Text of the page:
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Anneke Kurt
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Is bar responsible for bull rider's personal injury?

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Check out Attorney Dale’s Emch Toledo Blade “Legal Briefs” column addressing personal injury after a waiver is signed. Our Toledo, Ohio personal injury attorneys handle car accidents, medical malpractice, wrongful death, trucking accidents, motorcycle and ATV accidents, dog bites and criminal defense.

Dear Dale: While I was at a local bar recently, I decided to ride their mechanical bull. Before I could ride, somebody from the bar made me sign a form that said I couldn’t sue the bar if I got hurt. While I was riding the bull, the guy who was running it sped it up, I guess because I had not fallen off. I got thrown off the bull and my foot got caught in the stirrup, causing me to break my ankle. Even though I signed the form, can I still sue the bar for my injury? Also, does it matter if I was drunk when I signed the form?

ANSWER: In Ohio, an owner of a business offering a recreational activity may have a participant in that activity sign a waiver of liability that relieves the owner of a negligent act unless that act constitutes wanton or willful misconduct. Essentially, the owner and the participant to the recreational activity are entering into a contract.

The waiver forms generally say something like “the undersigned understands parachuting is an inherently dangerous activity and agrees to release AAA Parachuting Company from any and all liability and negligence resulting in personal injuries or death.” The forms use more legal language, but that’s the gist.

When someone signs a waiver of liability before participating in a recreational activity like parachuting, scuba diving, or even mechanical bull riding, that signature really means something. We’ve had cases in our personal injury office that we couldn’t pursue because a waiver of liability was signed. Though there are exceptions, a release generally bars someone who gets hurt participating in a recreational activity from successfully pursuing a personal injury claim alleging negligence.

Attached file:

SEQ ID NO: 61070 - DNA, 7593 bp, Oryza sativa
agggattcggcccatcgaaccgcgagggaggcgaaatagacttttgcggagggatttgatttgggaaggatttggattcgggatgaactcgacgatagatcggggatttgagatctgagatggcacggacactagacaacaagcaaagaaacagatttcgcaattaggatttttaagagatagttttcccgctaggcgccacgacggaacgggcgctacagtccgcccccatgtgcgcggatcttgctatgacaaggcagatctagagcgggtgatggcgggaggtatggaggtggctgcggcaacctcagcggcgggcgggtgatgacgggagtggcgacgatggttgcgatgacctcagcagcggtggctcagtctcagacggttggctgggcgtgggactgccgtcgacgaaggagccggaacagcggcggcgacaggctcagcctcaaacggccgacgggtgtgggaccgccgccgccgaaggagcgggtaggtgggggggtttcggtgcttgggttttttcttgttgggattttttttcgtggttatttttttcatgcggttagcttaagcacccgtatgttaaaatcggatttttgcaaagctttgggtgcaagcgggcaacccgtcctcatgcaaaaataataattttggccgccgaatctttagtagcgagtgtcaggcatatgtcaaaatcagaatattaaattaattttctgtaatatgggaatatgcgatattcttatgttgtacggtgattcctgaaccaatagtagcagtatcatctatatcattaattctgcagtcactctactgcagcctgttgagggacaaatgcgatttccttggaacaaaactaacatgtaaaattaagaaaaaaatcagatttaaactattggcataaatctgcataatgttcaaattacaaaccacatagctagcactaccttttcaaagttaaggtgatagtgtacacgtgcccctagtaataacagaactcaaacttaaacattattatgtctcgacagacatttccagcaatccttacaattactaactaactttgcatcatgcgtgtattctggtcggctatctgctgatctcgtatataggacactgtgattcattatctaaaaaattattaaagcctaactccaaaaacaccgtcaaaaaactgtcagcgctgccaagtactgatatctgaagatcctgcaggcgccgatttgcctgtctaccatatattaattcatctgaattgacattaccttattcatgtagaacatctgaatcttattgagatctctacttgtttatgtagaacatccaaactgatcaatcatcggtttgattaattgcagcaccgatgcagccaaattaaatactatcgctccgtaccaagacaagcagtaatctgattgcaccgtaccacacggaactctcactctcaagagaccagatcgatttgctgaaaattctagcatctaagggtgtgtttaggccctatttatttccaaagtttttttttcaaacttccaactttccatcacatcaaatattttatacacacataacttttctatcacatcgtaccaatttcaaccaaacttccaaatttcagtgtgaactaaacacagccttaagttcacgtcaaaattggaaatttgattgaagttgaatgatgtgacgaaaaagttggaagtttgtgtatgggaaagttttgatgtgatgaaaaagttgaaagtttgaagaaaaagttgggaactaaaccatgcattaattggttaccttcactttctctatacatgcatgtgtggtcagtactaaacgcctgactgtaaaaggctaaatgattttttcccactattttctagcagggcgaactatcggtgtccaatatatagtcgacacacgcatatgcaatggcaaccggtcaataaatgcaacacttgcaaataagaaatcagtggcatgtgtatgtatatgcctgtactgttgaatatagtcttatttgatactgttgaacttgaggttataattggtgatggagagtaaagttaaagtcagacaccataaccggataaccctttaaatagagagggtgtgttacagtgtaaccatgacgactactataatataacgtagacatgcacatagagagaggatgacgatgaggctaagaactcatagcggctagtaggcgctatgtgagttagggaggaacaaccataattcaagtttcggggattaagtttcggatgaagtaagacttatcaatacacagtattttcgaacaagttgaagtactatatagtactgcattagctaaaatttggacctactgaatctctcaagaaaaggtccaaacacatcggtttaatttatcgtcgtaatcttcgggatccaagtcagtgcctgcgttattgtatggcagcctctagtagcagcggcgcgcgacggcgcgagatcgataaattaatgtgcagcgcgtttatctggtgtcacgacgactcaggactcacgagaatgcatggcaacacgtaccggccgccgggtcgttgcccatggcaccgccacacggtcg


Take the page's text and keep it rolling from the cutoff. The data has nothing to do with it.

The lesson is that we should all think twice about the potential consequences of signing our names to any legal document. If you have any doubts, and the issue is significant enough to you, consult an attorney to review the document. Most of us don’t believe we’re going to get hurt – or we overlook the danger – when our hearts are set on diving, parachuting, or just swimming at a water park, so we sign on the dotted line and hope for the best. I’m not sure that we really contemplate that the owner or employees of the business might do something stupid that could get us hurt or killed. And, if that happens, there’s probably little recourse.

That said, there are a few things to consider. First of all, an attorney would have to examine the waiver form to see if it’s easy to read, is in large enough type, if the meaning is clear, and if the language of the release is specific enough to shelter the owner from a negligence claim. That’s not an exhaustive list, but you get the idea. If there are problems, those flaws should be construed against the drafter of the contract.

Another factor that keeps liability waivers from being completely bulletproof is whether the owner or an employee committed willful and wanton misconduct. The rough idea is whether someone’s behavior created an unreasonable risk that was substantially greater than a routine negligence standard. So, if someone gets hurt because the parachute they’ve been provided doesn’t open because it was packed improperly, that’s probably just negligence and you’re out of luck if you’ve signed a waiver. Alternatively, if the parachute instructor knows the weather conditions aren’t right for a jump and the chute he provides you with isn’t designed to withstand the elements, but he has you jump anyway, I’d contend that’s willful and wanton conduct. In the latter case, I’d argue the waiver shouldn’t bar a claim.

So, viewing your question threw that prism, the elements to consider are whether the liability waiver was flawed in the way it was drafted or whether turning the speed up on the mechanical bull constituted willful and wanton misconduct. If you can’t show either of those elements, you may be out of luck unless you can prove the bar employees knew you were drunk when you signed the waiver.